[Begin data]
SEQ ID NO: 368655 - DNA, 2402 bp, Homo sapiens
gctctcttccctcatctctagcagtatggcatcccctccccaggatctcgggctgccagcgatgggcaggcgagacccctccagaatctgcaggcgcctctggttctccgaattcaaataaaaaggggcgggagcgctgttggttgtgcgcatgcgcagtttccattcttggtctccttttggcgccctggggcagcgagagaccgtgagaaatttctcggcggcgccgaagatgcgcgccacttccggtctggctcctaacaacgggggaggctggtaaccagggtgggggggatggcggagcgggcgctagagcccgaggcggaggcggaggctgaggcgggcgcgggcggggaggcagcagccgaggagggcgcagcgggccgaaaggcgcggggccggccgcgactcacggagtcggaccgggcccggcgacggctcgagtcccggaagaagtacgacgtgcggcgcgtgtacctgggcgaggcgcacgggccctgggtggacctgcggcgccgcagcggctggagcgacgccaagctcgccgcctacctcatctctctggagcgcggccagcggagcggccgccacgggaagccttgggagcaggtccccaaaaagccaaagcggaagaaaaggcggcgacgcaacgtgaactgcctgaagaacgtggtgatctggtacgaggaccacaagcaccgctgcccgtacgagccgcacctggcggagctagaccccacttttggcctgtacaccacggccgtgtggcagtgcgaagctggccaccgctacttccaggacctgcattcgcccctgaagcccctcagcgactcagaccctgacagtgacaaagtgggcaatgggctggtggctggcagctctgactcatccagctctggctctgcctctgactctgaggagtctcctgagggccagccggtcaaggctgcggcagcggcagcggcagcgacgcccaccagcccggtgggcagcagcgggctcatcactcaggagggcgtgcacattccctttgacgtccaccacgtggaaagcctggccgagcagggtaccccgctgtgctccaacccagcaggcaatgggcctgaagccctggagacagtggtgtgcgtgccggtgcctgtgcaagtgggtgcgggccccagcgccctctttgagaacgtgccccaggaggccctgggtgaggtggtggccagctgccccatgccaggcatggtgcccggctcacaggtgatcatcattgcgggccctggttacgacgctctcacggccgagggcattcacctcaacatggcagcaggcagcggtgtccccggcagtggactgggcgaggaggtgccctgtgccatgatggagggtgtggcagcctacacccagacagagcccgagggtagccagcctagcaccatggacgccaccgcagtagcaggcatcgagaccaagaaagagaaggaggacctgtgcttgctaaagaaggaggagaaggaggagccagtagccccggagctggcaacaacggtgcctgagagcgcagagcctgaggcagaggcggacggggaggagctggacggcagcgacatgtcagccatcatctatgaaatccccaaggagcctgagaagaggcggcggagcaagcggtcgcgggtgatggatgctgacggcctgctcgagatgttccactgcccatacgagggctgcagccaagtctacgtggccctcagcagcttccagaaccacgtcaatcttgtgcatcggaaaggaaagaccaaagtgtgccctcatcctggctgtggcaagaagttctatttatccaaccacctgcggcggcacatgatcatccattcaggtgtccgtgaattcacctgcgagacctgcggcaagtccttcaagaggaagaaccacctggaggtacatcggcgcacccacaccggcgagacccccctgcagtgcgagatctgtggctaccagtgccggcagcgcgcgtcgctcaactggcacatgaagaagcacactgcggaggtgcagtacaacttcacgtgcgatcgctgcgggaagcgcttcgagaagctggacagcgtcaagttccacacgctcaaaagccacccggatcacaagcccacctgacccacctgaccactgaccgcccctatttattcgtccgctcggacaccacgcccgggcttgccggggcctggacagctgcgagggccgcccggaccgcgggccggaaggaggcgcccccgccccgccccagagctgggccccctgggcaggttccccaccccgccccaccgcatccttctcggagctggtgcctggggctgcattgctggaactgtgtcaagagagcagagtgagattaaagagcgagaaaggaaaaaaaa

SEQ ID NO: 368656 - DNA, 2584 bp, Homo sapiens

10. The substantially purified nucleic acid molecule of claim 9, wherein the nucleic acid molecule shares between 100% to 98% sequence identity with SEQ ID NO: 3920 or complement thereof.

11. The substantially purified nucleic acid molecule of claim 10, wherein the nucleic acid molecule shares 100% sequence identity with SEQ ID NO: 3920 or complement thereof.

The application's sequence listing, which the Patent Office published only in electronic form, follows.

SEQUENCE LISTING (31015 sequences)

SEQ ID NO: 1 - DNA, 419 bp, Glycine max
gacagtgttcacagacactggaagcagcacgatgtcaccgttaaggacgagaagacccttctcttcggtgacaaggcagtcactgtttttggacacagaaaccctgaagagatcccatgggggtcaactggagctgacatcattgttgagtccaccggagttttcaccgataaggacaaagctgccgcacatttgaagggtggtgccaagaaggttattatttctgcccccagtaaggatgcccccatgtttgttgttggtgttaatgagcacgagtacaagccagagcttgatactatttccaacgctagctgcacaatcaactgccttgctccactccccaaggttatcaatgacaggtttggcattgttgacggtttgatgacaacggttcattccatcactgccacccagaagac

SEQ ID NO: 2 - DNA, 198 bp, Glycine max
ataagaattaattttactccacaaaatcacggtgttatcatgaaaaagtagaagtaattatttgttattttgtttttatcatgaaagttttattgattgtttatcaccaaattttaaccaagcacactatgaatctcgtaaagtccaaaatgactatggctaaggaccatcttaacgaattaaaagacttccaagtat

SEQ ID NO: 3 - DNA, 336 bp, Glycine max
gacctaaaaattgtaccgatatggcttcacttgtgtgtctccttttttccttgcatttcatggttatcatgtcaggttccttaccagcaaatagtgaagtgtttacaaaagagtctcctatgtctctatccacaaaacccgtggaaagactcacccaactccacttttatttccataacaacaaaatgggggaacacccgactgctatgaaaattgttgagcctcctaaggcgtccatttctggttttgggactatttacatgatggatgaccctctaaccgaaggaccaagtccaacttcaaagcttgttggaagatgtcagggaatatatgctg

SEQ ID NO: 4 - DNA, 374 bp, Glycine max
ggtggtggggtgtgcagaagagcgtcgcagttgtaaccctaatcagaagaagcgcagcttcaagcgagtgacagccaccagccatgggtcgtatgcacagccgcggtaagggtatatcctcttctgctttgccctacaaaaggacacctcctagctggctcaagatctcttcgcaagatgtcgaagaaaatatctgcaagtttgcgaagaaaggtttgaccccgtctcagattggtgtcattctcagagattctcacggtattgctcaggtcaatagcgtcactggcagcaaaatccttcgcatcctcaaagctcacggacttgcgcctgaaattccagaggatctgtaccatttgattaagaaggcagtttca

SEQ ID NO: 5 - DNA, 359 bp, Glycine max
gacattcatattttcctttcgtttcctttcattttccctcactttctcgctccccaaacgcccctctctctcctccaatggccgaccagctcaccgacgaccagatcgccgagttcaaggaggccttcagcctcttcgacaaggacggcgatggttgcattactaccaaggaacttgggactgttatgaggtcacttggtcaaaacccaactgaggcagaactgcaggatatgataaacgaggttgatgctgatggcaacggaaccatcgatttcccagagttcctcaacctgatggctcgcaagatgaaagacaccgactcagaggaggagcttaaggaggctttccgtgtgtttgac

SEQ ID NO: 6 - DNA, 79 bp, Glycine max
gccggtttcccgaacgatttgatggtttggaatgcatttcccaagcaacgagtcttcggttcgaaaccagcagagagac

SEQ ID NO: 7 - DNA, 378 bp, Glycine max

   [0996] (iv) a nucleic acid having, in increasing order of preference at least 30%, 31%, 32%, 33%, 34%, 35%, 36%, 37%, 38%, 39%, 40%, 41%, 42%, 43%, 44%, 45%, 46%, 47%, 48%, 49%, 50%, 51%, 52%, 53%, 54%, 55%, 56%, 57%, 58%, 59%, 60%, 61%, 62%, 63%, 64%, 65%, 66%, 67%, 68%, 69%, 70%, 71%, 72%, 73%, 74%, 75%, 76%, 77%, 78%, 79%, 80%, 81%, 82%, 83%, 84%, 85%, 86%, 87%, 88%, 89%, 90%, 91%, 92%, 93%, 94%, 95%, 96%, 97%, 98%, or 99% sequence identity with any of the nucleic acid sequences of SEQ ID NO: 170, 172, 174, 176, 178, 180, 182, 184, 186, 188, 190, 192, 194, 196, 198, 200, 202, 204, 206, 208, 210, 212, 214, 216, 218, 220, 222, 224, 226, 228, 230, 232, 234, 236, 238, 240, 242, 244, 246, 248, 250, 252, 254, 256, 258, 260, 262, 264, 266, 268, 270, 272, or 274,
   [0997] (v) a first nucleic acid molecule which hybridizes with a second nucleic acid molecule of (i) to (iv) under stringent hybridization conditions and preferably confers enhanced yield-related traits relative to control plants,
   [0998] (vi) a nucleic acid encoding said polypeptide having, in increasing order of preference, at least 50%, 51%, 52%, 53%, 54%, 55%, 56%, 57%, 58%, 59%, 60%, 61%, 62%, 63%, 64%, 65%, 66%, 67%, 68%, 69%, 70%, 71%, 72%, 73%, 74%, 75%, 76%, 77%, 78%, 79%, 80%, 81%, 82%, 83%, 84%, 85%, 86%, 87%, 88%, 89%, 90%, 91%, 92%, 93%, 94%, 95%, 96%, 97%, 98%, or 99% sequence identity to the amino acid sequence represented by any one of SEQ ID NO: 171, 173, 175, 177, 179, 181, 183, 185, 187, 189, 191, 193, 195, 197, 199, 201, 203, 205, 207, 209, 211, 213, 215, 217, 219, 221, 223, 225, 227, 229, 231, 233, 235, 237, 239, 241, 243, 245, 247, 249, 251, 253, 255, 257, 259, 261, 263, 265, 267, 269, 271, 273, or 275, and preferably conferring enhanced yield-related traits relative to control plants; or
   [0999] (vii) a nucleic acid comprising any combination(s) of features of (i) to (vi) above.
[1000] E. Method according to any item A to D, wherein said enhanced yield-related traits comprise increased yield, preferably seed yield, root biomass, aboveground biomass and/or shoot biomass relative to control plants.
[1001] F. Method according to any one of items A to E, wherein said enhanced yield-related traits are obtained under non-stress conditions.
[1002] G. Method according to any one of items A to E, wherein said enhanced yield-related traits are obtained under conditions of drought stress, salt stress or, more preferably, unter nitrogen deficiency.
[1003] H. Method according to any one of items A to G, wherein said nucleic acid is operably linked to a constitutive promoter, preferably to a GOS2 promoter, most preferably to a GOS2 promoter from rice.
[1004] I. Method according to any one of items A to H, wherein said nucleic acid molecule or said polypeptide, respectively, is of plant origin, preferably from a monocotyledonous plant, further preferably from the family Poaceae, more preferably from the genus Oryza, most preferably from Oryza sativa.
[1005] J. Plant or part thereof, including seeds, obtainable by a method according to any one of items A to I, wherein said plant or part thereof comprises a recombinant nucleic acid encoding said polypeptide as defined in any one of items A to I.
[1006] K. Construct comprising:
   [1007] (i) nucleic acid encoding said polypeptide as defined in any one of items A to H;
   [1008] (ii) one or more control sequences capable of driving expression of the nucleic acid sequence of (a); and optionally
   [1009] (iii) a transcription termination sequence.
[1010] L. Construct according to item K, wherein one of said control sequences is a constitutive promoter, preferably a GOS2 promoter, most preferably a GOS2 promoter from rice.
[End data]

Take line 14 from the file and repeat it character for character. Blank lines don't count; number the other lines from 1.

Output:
SEQ ID NO: 4 - DNA, 374 bp, Glycine max